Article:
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PE-Backed Firms Keen To Play Big Fish

06 October, 2009

When IDFC Private Equity, India’s largest PE investor in infrastructure, zeroed in on renewable energy as the next big opportunity two years ago, it started scouting for companies in this

space. Raja Parthasarathy, managing director of IDFC PE, met up with companies in Uttaranchal, Andhra Pradesh, and Maharashtra but could not find a single company which had a vision of becoming a large renewable independent power producer.

So, Green Infra, IDFC’s own outfit, was born. This fledgling company recently acquired BP’s India wind energy assets in a move that has catapulted it into the big league. Green Infra now aims to build a portfolio of 300-500 MW in three years with $72-million investment from the PE fund.

With the maturing of the Indian private equity market, consolidation plays are gaining ground. The aggregation or roll-up model—basically amassing capacities in a highly fragmented market–allows companies to reach a considerable size and, obviously, lends itself to a viable exit for investors.

“This company (Green Infra) can become of a size and scale where it can go public,” Parthasarthy told VCCircle.

And, there are others in the renewable energy space such as Auro Mira Energy, Orient Green Power and Shalivahna Green Energy, all backed by private equity players, looking to build a portfolio of 250-500 MW in  three to five years. Last year, Olympus invested $35 million in Orient Green Power, also backed by PE firm Bessemer Venture Partners and Shriram EPC. Earlier this month, Indian Energy, which plans to buy wind power assets across the country, was listed on London’s Alternative Investment Market (AIM) raising Rs 78 crore. Then there is Azure Power, focussed on solar energy, which got funding from Helion Venture Partners and Foundation Capital.

So, private equity firms are busy combing the Indian market to look for consolidation plays in a variety of sectors such as healthcare, BPO and banking. Vishakha Mulye, MD and CEO of ICICI Venture, says, roll-ups are possible in pharmacy and microfinance.

Now, take the case of healthcare. Dominated by a handful of players such as Apollo, Fortis and Max, this sector has seen consolidation plays, pioneered by Iven Medicare, ICICI Ventures’ hospital aggregator. Then there is Piramal Group’s India Venture Advisors, Milestone Religare Fund and New York-based private investment firm GTI Group. In fact, GTI has set up a day-care surgery chain Nova Medical Centers India and will invest around $50-60 million in the country.

“Healthcare is our key focus at this point of time. Our entire theme is built on the fact that there will be consolidation,” says Ajay Nair, senior associate at Sabre Capital. The PE firm has set up Spring Healthcare which aims to build a portfolio of hospitals, contract research organizations and diagnostic chains.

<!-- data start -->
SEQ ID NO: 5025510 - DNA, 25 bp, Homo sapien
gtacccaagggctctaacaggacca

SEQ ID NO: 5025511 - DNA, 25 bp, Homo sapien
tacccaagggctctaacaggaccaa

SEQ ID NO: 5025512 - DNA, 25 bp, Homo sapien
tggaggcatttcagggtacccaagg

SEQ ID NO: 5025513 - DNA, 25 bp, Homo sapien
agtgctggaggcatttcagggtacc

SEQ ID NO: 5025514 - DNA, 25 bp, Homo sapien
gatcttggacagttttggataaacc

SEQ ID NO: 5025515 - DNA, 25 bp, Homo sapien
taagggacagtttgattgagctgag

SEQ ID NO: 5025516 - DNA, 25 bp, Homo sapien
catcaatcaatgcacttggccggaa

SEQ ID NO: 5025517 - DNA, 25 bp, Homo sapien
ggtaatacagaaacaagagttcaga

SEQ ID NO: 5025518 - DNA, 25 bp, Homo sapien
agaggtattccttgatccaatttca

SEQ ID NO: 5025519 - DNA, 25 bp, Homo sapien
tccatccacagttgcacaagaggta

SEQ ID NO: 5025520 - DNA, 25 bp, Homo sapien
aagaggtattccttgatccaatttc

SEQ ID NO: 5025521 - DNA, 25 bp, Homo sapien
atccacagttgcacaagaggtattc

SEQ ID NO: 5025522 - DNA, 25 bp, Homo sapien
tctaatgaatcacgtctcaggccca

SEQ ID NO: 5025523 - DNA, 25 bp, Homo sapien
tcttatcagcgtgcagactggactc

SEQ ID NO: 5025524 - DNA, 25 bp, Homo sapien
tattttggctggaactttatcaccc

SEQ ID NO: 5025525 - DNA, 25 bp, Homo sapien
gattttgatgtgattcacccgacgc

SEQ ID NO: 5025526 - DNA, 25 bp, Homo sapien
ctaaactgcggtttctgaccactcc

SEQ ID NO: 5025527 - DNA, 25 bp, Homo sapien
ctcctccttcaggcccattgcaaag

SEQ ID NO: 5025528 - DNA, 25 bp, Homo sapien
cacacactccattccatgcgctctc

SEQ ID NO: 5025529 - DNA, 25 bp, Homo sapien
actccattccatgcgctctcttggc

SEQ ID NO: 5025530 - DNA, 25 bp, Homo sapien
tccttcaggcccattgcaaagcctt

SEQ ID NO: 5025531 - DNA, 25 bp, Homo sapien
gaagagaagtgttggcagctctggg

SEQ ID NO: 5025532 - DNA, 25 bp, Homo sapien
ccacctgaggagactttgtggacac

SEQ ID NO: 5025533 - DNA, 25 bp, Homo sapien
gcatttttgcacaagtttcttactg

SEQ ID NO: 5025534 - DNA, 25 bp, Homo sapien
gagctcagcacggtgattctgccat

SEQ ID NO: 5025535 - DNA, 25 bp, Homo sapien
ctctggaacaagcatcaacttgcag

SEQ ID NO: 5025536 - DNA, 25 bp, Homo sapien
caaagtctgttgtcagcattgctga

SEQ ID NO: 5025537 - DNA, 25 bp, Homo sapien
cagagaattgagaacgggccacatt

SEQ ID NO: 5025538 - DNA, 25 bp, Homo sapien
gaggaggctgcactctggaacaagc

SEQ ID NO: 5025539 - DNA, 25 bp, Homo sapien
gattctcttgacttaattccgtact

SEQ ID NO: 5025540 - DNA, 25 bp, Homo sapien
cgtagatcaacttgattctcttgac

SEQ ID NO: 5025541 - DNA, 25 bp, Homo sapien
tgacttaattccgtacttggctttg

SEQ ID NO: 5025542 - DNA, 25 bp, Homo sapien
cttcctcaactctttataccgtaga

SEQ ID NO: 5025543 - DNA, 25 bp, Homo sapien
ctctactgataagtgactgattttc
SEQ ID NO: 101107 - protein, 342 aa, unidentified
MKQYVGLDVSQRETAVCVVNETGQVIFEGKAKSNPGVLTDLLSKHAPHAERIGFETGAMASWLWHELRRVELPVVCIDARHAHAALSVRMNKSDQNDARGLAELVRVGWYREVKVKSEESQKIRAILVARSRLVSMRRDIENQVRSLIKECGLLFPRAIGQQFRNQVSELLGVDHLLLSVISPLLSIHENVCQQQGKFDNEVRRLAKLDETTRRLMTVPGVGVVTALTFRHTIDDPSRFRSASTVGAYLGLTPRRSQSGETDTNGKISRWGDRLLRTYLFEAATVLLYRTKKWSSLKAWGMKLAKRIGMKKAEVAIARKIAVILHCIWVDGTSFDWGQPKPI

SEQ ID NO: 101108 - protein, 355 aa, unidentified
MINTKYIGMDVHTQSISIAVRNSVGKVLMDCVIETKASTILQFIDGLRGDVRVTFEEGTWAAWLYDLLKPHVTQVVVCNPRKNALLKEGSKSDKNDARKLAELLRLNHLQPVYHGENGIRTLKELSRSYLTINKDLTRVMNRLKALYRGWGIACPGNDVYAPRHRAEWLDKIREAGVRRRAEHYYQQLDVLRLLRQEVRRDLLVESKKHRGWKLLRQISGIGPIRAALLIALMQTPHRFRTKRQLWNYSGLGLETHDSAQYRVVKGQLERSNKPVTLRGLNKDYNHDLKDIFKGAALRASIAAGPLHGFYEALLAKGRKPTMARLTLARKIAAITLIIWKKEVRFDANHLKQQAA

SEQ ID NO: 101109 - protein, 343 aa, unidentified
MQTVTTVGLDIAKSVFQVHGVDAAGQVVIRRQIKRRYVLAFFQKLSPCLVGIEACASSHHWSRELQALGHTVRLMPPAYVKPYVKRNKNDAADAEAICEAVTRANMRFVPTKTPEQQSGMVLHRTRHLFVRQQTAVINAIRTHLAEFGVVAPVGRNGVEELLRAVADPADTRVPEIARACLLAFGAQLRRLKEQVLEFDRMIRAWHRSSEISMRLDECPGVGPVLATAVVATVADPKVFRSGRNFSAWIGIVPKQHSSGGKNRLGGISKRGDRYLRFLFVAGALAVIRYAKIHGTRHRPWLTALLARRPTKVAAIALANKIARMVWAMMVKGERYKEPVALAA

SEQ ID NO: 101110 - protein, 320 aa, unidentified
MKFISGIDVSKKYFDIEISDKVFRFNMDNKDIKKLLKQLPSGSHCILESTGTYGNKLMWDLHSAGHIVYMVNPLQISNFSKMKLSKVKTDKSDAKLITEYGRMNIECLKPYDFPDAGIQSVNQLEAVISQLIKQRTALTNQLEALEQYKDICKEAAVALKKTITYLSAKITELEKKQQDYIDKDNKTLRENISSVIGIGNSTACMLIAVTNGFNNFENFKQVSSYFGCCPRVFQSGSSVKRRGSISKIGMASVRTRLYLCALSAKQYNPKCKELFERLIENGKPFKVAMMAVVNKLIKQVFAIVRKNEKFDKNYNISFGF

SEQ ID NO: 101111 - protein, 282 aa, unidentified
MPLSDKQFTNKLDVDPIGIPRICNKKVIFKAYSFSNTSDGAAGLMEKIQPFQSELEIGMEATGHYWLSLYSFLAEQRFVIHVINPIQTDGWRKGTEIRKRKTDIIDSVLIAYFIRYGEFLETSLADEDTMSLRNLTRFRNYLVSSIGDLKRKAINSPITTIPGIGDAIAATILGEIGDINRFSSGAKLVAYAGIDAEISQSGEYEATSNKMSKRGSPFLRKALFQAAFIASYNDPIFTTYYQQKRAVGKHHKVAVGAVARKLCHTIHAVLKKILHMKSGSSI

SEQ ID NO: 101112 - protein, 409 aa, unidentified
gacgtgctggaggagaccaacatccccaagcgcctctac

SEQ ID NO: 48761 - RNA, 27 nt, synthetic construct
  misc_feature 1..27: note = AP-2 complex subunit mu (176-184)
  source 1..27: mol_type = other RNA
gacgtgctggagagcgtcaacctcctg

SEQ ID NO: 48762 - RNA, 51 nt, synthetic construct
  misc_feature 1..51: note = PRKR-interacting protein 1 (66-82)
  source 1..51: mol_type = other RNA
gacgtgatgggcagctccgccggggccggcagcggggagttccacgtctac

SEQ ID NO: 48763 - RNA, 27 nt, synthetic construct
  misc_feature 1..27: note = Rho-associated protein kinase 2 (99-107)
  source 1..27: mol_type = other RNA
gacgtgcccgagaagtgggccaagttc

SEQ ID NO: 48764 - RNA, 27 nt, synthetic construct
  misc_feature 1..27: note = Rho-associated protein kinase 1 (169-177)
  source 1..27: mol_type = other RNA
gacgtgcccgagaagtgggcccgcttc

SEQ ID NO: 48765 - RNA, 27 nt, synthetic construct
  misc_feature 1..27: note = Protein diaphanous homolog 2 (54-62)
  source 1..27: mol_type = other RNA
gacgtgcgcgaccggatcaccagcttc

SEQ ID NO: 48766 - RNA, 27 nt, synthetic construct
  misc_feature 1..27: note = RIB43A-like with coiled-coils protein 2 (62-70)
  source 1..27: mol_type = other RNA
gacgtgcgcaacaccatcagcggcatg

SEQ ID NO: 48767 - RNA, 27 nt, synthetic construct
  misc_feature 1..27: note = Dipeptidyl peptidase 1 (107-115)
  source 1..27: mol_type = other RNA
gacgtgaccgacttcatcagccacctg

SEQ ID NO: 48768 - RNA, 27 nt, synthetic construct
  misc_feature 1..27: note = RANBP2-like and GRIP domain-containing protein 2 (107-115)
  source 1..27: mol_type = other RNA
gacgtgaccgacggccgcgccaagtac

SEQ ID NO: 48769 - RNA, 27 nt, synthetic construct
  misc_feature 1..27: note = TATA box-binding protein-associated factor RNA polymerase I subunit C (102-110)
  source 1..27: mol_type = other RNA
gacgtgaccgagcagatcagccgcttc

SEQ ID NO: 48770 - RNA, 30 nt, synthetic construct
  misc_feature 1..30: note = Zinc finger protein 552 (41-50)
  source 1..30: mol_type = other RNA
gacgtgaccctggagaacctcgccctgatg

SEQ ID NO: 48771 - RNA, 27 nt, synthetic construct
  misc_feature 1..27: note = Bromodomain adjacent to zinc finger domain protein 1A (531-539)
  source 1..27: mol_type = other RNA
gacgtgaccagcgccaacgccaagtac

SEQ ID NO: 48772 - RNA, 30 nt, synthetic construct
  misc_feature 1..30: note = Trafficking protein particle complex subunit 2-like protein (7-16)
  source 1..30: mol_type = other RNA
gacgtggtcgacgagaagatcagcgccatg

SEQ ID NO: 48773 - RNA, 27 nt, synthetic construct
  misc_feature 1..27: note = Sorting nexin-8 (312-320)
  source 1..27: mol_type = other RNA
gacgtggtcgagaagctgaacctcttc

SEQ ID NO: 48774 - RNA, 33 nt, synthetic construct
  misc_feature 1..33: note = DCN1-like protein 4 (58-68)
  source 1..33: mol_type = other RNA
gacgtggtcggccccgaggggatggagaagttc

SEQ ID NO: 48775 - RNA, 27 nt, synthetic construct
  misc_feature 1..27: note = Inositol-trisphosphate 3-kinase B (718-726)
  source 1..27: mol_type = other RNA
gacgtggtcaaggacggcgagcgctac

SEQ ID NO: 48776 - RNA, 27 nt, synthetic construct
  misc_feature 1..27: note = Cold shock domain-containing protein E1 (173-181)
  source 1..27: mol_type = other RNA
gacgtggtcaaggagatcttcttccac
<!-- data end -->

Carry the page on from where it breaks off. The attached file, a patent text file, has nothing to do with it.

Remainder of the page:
“Consolidation is a theme that PEs like as it helps them deploy capital and achieve scale. Obviously, it has to be in an industry where scale has advantages,” says Gaurav Malik, managing director of Olympus Capital Holdings Asia. The PE-firm has backed Orient Green Power, which is aggregating renewable energy assets and is also an investor in Raman Roy’s BPO firm Quattro, which also has a consolidation strategy.

These PE-backed firms also have an aggressive inorganic strategy, which is core to the roll-up model. This strategy helps companies scale up in four or five years, after which they can be sold either through a strategic sale or go for a listing. And, by acquiring smaller assets and combining them, PE firms manage to get better returns rather than negotiating a deal with a larger player.

But, the market is not witnessing too many M&As just yet. PE players believe that domestic and international players will look at these companies in the next four to five years.

Now, consolidation plays are not completely new to India. One of the most prominent roll-ups in India was Centurion Bank of Punjab (CBoP) formed by a combination of Centurion Bank, Bank of Punjab and Lord Krishna Bank. Sabre led the investor group and made a 103% IRR on its

investment when CBoP was sold to HDFC Bank.


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PE-Backed Firms Keen To Play Big Fish

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